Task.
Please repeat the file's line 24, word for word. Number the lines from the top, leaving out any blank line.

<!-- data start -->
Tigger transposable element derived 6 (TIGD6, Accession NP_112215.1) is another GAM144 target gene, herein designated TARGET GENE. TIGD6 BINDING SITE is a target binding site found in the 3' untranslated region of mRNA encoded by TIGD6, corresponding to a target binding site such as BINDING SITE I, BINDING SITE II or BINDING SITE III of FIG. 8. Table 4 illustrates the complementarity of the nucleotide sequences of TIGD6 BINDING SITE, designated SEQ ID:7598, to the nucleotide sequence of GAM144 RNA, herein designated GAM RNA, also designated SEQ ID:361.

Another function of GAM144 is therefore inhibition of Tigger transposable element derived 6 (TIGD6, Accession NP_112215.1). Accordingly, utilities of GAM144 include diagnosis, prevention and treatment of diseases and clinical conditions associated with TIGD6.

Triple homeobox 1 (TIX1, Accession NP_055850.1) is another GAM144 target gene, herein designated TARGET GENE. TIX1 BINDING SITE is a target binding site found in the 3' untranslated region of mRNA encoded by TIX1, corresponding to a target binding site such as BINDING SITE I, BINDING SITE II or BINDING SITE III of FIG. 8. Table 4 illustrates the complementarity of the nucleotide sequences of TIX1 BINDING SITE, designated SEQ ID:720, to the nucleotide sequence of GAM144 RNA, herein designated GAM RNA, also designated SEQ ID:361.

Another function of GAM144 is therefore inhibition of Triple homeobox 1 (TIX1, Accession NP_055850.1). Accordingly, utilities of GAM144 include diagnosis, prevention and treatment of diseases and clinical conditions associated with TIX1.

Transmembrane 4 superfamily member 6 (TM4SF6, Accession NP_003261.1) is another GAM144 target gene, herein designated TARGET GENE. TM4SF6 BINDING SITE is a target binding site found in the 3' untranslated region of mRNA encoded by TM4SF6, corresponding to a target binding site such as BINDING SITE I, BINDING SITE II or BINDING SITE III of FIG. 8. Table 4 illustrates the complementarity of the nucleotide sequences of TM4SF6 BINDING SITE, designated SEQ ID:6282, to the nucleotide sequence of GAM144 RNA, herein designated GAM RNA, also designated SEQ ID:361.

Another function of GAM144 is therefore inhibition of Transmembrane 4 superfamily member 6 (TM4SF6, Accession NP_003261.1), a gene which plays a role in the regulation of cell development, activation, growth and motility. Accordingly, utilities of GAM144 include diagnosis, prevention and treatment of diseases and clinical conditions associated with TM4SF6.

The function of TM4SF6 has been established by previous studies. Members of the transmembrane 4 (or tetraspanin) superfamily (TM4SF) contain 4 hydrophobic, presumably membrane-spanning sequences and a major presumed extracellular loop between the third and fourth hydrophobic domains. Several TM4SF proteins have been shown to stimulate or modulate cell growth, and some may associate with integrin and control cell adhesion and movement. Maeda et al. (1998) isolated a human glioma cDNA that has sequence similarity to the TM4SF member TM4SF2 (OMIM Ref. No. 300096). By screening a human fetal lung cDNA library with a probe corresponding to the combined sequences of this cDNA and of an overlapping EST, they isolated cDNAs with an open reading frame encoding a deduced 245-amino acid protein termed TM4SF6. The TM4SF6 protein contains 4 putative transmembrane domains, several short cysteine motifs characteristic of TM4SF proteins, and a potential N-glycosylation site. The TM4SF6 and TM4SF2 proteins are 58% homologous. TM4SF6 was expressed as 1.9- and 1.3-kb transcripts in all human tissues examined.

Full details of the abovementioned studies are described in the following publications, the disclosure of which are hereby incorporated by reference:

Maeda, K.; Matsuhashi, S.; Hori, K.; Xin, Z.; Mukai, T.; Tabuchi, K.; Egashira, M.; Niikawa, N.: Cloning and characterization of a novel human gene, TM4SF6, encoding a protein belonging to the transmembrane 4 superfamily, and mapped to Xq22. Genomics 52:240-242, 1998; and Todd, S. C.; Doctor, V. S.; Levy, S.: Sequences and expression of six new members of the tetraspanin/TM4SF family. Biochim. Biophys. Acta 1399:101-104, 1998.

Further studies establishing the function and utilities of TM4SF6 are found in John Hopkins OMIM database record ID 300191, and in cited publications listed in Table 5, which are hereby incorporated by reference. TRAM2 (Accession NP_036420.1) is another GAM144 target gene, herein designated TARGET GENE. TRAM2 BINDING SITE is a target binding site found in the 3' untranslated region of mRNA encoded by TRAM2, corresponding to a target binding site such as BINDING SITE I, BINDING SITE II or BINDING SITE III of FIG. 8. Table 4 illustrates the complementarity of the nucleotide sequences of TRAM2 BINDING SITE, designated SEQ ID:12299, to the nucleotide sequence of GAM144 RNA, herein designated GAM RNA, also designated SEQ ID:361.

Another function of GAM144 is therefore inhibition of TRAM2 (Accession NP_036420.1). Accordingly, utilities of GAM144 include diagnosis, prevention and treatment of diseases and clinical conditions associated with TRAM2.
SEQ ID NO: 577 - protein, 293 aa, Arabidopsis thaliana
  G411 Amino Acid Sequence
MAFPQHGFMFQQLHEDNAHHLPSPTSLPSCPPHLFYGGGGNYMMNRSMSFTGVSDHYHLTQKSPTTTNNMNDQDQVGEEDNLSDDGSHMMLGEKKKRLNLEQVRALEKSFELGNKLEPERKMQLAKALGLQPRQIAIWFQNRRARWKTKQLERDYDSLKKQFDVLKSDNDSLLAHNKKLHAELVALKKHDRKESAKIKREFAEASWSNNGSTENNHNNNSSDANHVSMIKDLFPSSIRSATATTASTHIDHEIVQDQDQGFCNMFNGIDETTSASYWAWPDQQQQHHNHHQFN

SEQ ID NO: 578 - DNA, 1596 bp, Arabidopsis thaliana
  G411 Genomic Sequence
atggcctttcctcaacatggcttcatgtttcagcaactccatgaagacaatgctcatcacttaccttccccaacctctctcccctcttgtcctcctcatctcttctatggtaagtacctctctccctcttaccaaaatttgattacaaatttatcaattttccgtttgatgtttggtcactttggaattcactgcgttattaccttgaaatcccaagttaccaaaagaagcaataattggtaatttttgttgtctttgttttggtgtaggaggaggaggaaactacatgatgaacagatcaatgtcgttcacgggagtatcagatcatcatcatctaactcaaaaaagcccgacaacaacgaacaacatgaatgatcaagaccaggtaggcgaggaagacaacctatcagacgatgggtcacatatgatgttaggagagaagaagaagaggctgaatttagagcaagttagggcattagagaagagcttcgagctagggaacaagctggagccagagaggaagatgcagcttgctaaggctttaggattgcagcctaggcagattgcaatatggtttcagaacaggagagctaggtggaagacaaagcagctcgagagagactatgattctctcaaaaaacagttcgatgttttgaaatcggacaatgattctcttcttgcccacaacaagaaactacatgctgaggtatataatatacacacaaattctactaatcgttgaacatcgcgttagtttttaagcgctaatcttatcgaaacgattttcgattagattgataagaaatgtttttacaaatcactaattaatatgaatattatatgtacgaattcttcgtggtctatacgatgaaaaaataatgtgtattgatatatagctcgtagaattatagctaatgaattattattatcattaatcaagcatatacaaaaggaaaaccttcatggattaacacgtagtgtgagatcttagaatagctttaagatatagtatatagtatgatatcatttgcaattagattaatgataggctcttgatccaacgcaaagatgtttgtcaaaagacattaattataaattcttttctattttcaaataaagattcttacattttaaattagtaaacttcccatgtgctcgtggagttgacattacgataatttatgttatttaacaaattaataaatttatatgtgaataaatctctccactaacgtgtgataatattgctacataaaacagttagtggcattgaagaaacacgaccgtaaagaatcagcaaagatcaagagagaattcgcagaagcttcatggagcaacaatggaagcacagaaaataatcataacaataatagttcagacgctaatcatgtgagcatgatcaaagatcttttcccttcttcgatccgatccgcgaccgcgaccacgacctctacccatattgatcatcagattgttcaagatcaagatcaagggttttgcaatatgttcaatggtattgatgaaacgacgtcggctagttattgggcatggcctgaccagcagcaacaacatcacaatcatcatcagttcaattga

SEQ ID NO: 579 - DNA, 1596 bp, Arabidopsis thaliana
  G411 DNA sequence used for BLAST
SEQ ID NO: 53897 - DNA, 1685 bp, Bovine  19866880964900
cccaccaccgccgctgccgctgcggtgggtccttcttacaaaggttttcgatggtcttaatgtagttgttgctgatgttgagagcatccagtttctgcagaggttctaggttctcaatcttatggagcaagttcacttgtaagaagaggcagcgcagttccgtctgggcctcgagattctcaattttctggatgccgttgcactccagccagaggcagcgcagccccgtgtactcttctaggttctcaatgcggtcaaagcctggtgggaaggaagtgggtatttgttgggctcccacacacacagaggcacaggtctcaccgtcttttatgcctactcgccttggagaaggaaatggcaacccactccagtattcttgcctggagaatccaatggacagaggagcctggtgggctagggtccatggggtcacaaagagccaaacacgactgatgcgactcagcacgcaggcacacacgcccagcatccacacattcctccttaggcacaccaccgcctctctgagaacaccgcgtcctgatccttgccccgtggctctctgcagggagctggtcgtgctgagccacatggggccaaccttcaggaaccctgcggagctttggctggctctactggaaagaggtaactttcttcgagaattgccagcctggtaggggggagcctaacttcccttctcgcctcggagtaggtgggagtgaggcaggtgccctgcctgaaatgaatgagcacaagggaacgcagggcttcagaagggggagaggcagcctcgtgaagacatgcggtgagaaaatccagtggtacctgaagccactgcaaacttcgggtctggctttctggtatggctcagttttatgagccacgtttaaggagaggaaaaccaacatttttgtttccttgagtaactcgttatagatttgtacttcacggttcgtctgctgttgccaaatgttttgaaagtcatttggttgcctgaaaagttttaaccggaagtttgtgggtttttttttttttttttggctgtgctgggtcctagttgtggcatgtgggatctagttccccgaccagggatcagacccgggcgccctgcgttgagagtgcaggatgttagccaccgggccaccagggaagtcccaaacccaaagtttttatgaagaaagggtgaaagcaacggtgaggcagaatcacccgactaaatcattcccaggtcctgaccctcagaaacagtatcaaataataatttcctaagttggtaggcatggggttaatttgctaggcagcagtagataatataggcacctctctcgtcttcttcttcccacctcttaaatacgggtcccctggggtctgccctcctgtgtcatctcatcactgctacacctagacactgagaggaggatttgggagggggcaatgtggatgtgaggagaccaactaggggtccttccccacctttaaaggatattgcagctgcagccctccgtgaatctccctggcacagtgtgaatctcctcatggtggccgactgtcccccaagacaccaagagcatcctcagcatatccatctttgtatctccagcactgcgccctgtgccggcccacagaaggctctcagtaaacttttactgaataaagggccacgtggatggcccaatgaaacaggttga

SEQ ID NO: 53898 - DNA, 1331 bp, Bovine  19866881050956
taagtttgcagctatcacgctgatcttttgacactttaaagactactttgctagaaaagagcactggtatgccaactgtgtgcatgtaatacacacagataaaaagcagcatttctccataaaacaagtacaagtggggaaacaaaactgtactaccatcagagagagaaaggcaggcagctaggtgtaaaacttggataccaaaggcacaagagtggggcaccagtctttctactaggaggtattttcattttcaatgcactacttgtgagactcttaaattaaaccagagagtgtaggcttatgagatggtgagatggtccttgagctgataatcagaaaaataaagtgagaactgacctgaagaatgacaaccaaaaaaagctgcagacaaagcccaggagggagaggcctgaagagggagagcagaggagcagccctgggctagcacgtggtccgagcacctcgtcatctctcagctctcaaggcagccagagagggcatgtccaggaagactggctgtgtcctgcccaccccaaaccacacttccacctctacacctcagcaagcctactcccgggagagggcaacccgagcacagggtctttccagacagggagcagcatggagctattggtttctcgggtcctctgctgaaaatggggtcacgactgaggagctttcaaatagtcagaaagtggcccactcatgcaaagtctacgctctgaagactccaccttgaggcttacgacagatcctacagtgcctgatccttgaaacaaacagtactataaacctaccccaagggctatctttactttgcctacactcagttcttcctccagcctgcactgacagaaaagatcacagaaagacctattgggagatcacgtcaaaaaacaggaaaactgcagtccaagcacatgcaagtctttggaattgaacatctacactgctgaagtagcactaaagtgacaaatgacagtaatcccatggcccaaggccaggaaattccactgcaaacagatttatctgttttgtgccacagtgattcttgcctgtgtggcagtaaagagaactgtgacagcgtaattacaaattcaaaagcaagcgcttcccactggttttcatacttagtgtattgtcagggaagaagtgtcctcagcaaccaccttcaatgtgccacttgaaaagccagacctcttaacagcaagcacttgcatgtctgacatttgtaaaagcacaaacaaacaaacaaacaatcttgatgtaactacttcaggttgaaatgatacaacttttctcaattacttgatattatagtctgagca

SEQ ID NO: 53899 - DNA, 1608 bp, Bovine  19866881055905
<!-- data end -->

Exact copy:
SEQ ID NO: 53899 - DNA, 1608 bp, Bovine  19866881055905